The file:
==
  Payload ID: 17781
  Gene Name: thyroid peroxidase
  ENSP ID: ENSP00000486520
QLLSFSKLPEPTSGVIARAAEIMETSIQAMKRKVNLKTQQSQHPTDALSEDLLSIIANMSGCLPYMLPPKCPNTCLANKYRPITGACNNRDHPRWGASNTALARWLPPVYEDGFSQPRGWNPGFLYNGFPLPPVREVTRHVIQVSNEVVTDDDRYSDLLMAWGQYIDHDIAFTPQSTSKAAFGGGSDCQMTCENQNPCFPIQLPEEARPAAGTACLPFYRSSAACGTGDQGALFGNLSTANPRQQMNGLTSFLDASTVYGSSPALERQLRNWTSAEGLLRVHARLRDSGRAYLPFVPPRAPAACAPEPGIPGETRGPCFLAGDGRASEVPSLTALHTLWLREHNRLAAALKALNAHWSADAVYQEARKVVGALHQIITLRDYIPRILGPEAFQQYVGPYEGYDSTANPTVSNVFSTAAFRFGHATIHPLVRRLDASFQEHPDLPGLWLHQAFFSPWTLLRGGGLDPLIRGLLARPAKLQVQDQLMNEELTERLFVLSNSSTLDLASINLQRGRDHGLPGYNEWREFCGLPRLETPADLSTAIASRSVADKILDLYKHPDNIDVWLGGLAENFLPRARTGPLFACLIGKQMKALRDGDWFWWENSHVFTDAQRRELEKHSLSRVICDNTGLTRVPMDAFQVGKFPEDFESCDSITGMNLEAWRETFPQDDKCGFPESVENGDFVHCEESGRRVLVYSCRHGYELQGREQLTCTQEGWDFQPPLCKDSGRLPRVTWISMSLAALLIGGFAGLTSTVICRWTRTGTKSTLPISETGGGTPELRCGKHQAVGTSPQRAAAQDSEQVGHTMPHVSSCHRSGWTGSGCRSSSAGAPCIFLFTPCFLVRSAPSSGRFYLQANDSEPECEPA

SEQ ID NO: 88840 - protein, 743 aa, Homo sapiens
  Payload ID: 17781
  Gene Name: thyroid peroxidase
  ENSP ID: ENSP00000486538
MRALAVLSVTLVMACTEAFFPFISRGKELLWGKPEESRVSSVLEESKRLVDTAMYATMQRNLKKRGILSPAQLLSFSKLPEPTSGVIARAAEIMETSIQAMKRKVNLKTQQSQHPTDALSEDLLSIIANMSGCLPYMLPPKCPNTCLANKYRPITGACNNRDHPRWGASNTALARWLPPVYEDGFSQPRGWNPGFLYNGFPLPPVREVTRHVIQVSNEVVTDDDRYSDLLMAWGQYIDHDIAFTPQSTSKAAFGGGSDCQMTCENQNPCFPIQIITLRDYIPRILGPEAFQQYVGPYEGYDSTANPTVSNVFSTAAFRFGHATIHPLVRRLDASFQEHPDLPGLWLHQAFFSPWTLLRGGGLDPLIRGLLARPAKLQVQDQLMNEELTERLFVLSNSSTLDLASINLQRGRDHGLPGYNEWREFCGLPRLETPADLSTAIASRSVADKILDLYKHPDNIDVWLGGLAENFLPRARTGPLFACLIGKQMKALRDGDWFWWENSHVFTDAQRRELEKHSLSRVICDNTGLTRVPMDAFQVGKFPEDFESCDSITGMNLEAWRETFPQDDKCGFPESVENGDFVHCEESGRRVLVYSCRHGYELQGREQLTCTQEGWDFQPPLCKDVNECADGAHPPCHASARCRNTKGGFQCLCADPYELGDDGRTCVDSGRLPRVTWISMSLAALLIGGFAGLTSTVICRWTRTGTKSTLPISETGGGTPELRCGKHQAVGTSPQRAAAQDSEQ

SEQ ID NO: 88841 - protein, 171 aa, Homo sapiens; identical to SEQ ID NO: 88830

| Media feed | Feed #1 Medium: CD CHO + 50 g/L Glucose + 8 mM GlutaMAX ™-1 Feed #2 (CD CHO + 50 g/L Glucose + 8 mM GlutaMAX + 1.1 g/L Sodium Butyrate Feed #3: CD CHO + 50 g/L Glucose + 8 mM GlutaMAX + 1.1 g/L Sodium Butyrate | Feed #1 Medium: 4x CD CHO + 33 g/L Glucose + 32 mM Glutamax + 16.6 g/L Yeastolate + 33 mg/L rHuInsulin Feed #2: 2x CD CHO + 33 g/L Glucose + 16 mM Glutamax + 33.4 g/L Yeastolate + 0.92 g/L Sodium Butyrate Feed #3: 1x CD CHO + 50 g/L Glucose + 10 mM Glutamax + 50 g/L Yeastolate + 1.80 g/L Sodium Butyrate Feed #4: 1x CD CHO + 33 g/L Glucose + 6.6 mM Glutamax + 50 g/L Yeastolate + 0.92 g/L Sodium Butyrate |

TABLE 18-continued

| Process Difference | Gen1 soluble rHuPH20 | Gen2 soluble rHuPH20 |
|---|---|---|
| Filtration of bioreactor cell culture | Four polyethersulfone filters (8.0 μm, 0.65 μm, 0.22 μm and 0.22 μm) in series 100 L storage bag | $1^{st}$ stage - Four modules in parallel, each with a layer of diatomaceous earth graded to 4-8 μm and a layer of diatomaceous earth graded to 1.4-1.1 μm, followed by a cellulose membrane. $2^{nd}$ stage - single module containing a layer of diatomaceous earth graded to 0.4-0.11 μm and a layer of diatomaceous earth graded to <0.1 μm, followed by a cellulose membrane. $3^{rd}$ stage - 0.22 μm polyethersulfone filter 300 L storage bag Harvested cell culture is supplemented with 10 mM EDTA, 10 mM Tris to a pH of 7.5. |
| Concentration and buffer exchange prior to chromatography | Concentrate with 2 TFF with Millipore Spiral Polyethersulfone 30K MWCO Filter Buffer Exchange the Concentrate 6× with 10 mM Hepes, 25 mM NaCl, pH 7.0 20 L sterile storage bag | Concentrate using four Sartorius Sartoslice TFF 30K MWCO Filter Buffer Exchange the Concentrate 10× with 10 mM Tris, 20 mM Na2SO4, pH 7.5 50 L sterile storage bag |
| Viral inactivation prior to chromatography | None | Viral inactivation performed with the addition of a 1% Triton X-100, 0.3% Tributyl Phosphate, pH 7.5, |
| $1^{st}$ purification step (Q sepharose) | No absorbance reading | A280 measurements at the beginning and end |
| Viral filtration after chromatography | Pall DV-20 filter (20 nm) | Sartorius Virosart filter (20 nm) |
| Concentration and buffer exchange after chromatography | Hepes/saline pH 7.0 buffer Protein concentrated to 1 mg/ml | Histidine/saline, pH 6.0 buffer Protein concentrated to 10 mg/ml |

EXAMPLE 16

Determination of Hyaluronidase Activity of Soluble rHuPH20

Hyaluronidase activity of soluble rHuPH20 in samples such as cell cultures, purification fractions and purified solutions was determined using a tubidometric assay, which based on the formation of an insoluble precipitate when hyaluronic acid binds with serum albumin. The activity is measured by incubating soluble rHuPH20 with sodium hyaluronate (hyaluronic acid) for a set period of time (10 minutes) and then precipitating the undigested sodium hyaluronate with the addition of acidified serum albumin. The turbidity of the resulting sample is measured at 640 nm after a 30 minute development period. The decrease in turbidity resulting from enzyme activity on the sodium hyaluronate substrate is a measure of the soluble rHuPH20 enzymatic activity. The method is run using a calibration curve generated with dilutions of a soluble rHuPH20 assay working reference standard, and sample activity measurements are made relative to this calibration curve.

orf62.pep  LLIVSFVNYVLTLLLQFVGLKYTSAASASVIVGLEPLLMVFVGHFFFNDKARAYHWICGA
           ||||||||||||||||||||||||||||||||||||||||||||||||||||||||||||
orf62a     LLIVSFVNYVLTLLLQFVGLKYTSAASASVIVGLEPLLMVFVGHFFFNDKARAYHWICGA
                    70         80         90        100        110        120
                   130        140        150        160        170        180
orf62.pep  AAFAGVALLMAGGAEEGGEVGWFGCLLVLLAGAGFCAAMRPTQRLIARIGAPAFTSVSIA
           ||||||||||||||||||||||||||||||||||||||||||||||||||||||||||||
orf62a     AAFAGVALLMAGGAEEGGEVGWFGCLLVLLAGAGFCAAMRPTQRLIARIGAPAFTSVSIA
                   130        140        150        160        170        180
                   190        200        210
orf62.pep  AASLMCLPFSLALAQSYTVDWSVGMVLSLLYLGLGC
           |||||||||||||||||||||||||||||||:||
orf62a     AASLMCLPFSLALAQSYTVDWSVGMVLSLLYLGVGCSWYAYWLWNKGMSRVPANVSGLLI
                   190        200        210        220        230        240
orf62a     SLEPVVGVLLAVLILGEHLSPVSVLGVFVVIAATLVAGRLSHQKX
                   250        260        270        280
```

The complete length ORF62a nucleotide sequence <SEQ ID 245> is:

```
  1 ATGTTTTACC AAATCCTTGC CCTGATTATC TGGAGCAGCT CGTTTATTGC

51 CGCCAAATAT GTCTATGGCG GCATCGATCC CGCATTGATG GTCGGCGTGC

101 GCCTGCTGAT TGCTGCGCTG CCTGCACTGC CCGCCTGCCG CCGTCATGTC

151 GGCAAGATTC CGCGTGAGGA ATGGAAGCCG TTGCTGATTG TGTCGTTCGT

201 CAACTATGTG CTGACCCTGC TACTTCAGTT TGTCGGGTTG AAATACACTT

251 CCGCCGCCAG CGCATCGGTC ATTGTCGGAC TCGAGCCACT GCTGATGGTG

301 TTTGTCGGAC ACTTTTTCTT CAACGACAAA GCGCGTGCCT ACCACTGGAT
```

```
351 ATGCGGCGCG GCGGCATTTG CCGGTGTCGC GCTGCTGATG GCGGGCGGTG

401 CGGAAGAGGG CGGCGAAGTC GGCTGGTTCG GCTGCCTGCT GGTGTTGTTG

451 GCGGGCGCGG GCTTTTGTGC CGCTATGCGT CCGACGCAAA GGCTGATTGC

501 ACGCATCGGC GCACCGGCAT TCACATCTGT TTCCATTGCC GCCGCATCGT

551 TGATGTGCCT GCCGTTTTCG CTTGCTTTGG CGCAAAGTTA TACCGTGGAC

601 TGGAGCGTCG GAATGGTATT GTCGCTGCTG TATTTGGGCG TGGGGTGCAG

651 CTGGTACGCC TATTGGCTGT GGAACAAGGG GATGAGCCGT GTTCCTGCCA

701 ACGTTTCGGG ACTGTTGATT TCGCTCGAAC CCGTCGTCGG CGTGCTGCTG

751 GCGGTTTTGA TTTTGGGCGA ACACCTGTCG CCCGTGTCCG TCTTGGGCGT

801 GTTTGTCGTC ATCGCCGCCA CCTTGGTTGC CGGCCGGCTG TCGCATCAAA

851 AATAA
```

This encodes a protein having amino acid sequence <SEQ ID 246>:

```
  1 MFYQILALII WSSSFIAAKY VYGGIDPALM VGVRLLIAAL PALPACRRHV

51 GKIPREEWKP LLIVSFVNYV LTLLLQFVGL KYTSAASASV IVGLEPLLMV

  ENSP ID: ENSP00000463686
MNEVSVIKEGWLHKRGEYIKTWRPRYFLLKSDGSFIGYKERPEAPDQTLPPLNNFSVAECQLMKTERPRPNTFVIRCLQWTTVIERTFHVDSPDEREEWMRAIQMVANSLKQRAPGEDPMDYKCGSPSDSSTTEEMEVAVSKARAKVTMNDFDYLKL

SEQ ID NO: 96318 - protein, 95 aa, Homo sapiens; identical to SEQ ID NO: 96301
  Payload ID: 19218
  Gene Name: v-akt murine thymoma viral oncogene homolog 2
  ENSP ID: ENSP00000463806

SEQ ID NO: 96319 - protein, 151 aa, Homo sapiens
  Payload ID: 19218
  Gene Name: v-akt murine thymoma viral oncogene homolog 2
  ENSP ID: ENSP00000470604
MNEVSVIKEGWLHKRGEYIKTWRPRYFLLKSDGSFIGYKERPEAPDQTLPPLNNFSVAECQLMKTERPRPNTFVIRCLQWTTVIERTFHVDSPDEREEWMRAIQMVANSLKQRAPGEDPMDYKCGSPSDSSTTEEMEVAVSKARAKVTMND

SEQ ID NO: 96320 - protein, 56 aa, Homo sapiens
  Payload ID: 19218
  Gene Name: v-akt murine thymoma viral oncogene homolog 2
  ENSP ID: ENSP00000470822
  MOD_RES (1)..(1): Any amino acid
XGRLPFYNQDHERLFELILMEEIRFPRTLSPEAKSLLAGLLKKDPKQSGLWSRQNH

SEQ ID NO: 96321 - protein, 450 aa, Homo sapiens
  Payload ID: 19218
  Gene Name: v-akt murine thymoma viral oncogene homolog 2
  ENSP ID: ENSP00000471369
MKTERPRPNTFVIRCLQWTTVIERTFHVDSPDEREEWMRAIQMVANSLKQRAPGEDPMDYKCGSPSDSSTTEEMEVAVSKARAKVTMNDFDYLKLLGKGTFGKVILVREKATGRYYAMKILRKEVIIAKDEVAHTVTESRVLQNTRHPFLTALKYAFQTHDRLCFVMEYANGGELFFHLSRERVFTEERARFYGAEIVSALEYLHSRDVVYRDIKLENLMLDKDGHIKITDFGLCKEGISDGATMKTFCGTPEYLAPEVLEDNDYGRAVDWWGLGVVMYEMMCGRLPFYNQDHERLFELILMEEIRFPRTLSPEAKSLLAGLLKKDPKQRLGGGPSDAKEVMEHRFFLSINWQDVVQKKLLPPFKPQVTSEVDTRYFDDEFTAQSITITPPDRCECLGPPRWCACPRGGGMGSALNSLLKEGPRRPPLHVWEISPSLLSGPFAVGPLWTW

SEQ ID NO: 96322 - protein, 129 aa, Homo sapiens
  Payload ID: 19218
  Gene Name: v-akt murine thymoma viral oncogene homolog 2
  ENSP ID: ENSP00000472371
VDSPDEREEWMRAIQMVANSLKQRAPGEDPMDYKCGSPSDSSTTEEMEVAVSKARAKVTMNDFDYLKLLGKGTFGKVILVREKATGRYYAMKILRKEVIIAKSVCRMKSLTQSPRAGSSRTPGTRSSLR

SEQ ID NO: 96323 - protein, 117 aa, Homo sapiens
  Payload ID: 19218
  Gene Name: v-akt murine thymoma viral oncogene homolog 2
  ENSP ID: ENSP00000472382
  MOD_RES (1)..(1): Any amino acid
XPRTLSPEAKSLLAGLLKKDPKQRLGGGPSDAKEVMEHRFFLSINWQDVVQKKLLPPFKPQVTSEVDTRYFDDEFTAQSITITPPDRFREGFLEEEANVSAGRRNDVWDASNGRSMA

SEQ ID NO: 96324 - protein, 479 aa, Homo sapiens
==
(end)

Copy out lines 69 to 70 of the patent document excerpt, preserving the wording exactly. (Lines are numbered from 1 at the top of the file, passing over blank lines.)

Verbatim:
MNEVSVIKEGWLHKRGEYIKTWRPRYFLLKSDGSFIGYKERPEAPDQTLPPLNNFSVAECQLMKTERPRPNTFVIRCLQWTTVIERTFHVDSPDEREEWMRAIQMVANSLKQRAPGEDPMDYKCGSPSDSSTTEEMEVAVSKARAKVTMNDFDYLKL

SEQ ID NO: 96318 - protein, 95 aa, Homo sapiens; identical to SEQ ID NO: 96301